The key to knowing whether or not an EMS outreach or CRR program is working is through evaluation. Often the tricky part is choosing the right metrics for assessment; for some, it may be a numbers game (number of alarms/car seats installed), and for others, there may be an attitudinal measurement (for example, if you’re conducting welfare check-ins, do the recipients of the program feel happier, more connected, etc.).

It’s helpful to complete this sentence: “I will know this program is a success when…” What data points would prove to you that you are making an impact? You must have a benchmark from which to start, going into your program. A useful resource for is the National Council of Nonprofits, which has a great deal of experience in outcome evaluations.

No matter what tool you use to measure success, you need to have a distinct measurement identified from the start and tracked regularly; otherwise, you may not be able to defend your program to continue it.

Implement Your Outreach Program

Once you have the game plan ready, it’s time to implement the outreach program. Now is the time to leverage your marketing channels with posts on your department’s social media channels. Keep your posts short and to-the-point and include photos and videos to grab interest. Be sure always to include pertinent date/time/location information. You may consider making a video or podcast covering the fire or health topic and end it with the promotion of your event.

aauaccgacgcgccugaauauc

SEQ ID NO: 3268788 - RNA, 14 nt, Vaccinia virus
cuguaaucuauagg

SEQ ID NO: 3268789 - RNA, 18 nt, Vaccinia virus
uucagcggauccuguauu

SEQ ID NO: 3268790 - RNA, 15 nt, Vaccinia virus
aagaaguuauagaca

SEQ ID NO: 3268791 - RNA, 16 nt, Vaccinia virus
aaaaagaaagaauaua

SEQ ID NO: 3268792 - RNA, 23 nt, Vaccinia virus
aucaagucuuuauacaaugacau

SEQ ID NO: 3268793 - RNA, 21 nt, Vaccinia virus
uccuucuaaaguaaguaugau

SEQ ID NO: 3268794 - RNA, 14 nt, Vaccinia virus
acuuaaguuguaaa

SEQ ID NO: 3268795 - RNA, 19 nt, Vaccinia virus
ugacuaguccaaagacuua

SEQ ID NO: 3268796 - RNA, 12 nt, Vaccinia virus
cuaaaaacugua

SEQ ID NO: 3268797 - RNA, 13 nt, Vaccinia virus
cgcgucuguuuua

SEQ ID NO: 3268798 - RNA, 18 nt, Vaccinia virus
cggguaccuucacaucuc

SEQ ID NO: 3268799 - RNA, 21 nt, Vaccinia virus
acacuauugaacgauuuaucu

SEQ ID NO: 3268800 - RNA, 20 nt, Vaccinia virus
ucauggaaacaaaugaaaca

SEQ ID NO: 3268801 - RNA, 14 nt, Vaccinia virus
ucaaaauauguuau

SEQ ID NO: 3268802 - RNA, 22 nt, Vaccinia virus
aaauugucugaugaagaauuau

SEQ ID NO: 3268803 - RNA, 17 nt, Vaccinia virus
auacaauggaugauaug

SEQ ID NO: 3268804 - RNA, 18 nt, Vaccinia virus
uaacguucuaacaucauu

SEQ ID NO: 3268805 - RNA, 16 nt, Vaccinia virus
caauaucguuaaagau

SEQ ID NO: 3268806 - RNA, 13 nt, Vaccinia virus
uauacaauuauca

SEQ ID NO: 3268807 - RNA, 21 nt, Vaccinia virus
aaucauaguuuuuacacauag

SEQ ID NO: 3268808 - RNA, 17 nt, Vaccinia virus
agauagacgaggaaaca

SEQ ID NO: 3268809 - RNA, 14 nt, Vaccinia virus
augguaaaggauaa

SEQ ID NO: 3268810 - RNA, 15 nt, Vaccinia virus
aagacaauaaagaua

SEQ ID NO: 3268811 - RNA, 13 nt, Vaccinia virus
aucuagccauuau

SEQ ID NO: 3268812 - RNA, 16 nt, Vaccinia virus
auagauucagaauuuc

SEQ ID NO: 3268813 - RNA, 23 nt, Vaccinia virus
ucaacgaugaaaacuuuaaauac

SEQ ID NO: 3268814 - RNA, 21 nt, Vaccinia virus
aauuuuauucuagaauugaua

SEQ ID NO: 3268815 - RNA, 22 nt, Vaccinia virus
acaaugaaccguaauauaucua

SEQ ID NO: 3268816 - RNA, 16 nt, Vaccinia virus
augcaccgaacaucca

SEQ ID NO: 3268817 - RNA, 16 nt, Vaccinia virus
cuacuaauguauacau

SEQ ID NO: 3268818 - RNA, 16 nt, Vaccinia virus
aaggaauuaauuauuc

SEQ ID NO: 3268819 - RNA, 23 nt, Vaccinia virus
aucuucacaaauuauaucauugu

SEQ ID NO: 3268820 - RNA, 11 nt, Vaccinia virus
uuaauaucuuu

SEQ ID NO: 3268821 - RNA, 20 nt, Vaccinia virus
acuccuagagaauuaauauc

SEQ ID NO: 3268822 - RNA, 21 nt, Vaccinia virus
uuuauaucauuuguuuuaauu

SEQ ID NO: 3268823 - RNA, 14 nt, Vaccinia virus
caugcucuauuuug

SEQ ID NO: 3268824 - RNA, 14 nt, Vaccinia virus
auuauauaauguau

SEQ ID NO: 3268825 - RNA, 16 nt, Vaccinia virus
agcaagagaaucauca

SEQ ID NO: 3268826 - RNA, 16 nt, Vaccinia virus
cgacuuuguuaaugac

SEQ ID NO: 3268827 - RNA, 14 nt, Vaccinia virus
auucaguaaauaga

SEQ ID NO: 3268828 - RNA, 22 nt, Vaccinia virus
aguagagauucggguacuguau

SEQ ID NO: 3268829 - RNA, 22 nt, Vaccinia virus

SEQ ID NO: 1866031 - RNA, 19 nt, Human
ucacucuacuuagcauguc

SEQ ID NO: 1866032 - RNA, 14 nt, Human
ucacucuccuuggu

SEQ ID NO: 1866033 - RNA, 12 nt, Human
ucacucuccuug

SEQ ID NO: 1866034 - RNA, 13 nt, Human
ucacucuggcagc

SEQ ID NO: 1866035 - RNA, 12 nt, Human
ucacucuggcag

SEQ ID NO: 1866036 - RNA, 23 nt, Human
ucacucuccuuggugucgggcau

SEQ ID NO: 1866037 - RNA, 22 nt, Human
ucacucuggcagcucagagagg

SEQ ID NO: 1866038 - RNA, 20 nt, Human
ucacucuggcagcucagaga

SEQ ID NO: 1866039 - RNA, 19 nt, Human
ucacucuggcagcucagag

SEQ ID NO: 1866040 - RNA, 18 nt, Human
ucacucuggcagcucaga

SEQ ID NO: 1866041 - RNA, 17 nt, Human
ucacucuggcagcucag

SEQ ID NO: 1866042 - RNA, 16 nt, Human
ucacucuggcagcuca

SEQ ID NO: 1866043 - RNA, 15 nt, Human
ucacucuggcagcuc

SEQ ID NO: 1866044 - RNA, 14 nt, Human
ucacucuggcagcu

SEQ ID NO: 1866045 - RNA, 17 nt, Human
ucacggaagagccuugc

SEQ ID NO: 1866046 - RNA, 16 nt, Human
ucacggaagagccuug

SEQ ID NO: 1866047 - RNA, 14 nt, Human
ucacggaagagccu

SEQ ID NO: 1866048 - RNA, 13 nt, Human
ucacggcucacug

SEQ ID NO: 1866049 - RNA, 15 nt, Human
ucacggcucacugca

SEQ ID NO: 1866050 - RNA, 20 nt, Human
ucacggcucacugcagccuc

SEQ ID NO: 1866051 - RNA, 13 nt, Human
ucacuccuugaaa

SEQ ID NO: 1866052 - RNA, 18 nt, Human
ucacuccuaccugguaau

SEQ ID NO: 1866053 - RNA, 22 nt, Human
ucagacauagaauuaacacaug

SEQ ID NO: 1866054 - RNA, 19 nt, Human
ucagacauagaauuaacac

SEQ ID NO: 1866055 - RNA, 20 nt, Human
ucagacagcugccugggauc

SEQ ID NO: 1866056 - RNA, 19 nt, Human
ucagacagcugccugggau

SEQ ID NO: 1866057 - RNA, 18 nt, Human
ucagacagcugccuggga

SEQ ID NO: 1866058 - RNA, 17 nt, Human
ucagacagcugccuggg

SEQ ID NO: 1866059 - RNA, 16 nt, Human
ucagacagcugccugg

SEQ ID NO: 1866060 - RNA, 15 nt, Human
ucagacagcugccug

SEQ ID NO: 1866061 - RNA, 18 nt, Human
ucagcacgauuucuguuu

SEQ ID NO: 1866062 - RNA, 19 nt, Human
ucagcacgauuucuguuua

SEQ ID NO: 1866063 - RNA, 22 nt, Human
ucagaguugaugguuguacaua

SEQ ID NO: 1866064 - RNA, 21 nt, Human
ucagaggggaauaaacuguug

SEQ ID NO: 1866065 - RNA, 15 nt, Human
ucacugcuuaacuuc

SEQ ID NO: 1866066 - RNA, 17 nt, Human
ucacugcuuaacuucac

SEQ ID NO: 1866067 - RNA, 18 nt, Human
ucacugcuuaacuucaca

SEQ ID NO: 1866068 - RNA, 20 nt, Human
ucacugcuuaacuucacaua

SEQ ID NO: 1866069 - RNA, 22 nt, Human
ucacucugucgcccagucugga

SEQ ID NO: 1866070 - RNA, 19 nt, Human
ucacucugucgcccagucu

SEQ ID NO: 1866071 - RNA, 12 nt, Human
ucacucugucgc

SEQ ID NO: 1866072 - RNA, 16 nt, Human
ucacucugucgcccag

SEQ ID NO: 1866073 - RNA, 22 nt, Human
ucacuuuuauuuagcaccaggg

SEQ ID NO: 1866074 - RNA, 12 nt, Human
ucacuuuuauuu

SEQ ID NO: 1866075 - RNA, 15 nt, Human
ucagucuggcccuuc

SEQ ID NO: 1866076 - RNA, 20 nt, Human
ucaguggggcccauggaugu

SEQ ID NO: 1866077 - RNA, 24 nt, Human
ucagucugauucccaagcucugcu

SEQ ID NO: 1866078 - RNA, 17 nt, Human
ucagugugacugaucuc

You should also take advantage of “traditional” media channels – radio, TV, and newspaper. Reach out as early as you can to these organizations, as planning cycles occur months before their publication dates. Many may be interested in covering your program as a human-interest story, especially if you can provide a spokesperson and some of the good “top call” data you’ve been collecting.

Additionally, many newspapers or local magazines have free upcoming community event listings. Submit a brief listing that covers the basics (location, time, cost, etc.) to include it in their calendar sections. Marketing can help maximize your program’s impact, increase participation and attendance, and get more eyes on services you’re providing.

Monitor Progress and Make Adjustments

Conduct regular check-ins on your outreach program and make adjustments as needed. For example, if you’re hosting a blood pressure check on the south side of town for a few months and have seen success, you may want to re-look at the data to see other areas that could benefit from the same service. Perhaps attendance is not what you’re hoping for car seat installations, and you need to move to a more accessible location. Give your program some time, but don’t be afraid to make tweaks based on your data.

Outreach programs can make a real impact in the overall health and safety of your community by proactively reducing fire and health hazards and building a positive relationship with your community members (this generation, and the next). By using data to develop a smart, measurable plan, you’ll be making the best use of your resources and ending up with results that prove the difference you’re making.

Learn more about developing outreach programs in the white paper, “6 Ways EMS Can Build Strong Community Partnerships.”